First off, thank you for your awesome post. I’ve been searching for a doable way to attain this “raw wood” look for both a renovated china cabinet we use as an entertainment center & a coffee table in our livingroom. These pieces are definitely “orange” on their own so I’m very excited to give them a natural makeover. However, both of these pieces get an equal amount of traffic in our home so my fear would be—using the beeswax & cerusing wax but not having enough overall protection. My question for you is- what do you think makes the most sense in our situation? Would it be feasible to use beeswax & the cerusing wax as well as a clear poly on top to seal it all in? Or would that poly possibly alter the natural color achieved by the cerusing wax? I read in another comment you responded to that it’s either wax OR poly.. I guess I’m just trying to figure out what could possibly seal this beautiful color in without it being ruined by everyday touching or use.

    1. So glad you like the post, Lindsay! And great question… A tough one to answer, but I’ll do my best. 😉 Unfortunately, it’s true. Wax and poly don’t mix well. Wax is a form of protection all its own, but it is rather delicate for such high-traffic pieces. The advantage to wax-finished pieces is that you can simply add more wax at any point, without having to strip and refinish. But if you would rather not have to continue maintenance in that way, then you’ll want a stronger sealer. Ultimately, cerusing wax is basically a white wax (it’s probably much more than that, but the effect it gives on the furniture is a blue/white counterbalance to the orange). So… if the wood is too orange but you need a stronger finish than wax, you might try experimenting with extremely watered down paint or even a white stain. The other option is to try bleaching the wood. I haven’t written any posts on it, but I did it years ago with my dad, and it’s is effective (though very time consuming). It may be a bit of trial-and-error… but I wish you the best of luck!!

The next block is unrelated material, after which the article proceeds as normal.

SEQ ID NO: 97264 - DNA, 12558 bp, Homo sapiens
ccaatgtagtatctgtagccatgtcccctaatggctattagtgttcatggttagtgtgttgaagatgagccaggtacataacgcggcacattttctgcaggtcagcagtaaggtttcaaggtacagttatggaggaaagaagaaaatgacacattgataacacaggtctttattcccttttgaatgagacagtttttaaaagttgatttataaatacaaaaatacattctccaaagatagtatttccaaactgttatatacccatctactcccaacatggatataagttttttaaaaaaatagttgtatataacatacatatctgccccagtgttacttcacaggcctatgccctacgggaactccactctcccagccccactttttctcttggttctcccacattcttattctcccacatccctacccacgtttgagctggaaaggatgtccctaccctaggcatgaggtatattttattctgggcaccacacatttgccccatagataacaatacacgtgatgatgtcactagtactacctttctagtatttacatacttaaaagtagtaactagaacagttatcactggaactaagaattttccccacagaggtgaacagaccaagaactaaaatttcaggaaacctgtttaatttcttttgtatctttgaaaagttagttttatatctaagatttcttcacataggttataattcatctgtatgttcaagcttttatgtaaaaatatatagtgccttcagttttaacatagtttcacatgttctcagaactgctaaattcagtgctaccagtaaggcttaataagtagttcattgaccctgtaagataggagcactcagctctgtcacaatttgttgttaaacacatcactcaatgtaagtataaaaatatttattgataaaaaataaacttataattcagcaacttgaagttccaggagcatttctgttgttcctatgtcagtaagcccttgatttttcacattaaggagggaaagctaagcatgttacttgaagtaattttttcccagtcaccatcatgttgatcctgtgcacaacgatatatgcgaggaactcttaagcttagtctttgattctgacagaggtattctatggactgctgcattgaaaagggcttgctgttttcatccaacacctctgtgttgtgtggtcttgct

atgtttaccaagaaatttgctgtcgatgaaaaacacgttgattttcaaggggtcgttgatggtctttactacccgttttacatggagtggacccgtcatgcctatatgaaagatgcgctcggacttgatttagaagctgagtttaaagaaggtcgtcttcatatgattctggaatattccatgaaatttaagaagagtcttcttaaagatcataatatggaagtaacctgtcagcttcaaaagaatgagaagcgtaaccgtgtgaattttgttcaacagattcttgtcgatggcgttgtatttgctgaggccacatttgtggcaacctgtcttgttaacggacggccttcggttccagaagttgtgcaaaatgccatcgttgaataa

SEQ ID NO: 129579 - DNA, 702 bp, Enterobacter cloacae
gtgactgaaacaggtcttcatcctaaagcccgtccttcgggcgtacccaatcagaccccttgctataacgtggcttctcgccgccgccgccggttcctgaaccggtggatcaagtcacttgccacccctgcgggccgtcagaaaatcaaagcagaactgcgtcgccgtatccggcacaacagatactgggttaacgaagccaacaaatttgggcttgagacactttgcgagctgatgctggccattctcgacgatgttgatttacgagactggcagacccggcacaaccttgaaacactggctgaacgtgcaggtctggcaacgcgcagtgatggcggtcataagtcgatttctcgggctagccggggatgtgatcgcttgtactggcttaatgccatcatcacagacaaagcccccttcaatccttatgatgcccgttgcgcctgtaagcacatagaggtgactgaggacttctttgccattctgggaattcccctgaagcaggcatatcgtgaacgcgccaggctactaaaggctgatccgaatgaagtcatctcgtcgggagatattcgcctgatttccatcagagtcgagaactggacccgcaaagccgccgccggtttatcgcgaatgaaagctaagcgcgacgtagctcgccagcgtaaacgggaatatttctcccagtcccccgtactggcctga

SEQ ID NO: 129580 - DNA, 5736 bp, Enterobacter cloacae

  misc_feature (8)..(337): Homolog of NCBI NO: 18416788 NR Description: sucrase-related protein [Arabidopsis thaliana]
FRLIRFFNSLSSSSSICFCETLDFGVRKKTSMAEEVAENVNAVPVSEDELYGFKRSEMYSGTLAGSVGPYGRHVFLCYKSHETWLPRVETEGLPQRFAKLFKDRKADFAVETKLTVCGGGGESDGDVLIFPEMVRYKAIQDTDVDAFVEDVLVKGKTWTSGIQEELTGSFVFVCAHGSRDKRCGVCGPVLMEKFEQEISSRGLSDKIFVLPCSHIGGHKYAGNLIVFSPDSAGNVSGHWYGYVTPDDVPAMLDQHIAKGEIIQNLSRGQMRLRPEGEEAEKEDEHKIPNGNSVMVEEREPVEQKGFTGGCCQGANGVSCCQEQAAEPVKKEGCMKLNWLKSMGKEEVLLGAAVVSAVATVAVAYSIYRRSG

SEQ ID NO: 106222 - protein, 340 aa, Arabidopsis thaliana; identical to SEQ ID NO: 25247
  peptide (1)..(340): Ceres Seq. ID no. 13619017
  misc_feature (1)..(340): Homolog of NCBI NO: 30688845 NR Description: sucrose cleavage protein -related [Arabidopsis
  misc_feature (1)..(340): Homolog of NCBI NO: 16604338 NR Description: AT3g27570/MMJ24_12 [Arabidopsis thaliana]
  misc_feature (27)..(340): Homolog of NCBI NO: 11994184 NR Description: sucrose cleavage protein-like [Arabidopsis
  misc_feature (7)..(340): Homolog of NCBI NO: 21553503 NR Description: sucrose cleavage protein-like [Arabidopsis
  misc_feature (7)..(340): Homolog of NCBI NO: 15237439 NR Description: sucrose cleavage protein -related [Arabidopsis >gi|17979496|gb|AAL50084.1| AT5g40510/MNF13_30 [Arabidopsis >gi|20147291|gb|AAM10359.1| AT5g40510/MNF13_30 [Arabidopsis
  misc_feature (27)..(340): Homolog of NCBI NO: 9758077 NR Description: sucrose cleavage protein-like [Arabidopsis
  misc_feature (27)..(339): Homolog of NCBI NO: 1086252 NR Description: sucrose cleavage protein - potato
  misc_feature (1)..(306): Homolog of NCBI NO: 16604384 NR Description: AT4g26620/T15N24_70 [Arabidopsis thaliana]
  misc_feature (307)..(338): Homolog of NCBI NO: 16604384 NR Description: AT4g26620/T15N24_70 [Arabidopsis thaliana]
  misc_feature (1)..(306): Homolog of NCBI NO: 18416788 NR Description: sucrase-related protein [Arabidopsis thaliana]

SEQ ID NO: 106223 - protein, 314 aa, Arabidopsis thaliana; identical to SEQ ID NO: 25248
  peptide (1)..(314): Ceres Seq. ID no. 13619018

1. Thank you again, Rachel! We’ll be testing out bleaching and if that doesn’t do it, we’ll probably end up going for the wax process since we really really want that natural wood feel. I’ve sanded down my pieces, do you recommend both the beeswax & the cerusing wax? Our pieces are very orange/yellow just like yours was in this post, so we’re definitely sold on the cerusing wax! What do you think?

        1. The advantage to starting with the clear wax is three-fold: 1) an overall coat of wax protects your piece. 2) The clear tends to go farther than the cerusing wax (since it’s a little thinner). 3) By putting a base coat of clear wax to start, you have more freedom with adding/removing the cerusing wax. Cerusing wax straight onto the wood will be hard to spread to the effect you want. I hope this helps!!

          1. hi all! this just popped up in my email and i thought i’d add my experience using both! i’d tested using beeswax on the bottom with cerusing on top, & cerusing on the bottom with beeswax on top. Rachel’s absolutely right – it’s easier to apply the beeswax first. However – there was a significant difference in color between the 2 depending on which wax went on first. If you have wood with a lot of yellow in it, it may be worthwhile to test on an underside if possible to see which you prefer? I ended up going with white first then beeswax on top because it ended up being more peachy toned than brown – but I imagine each piece would vary. I wish I could upload a photo – it was interesting to see the difference!

          2. I love this, Nat! I almost said something about it all being an experiment, but my response was getting long. Lol. There are so many potential variations to the process (type of wood, previous finish, how you stripped it, etc.), so it’s always a little bit of trial-and-error. I’m so glad you found something that you like, and I definitely agree with you about testing it on an inconspicuous spot if you can!

  24. You’ve both helped so much! Thank you for your responses & info. I’m still debating what to do and what order to do it in (wish there was a manual for this LOL). My pieces have orange undertones even at their raw base. I love Rachel’s result taking a piece with orange undertones and neutralizing that by using the cerusing wax last.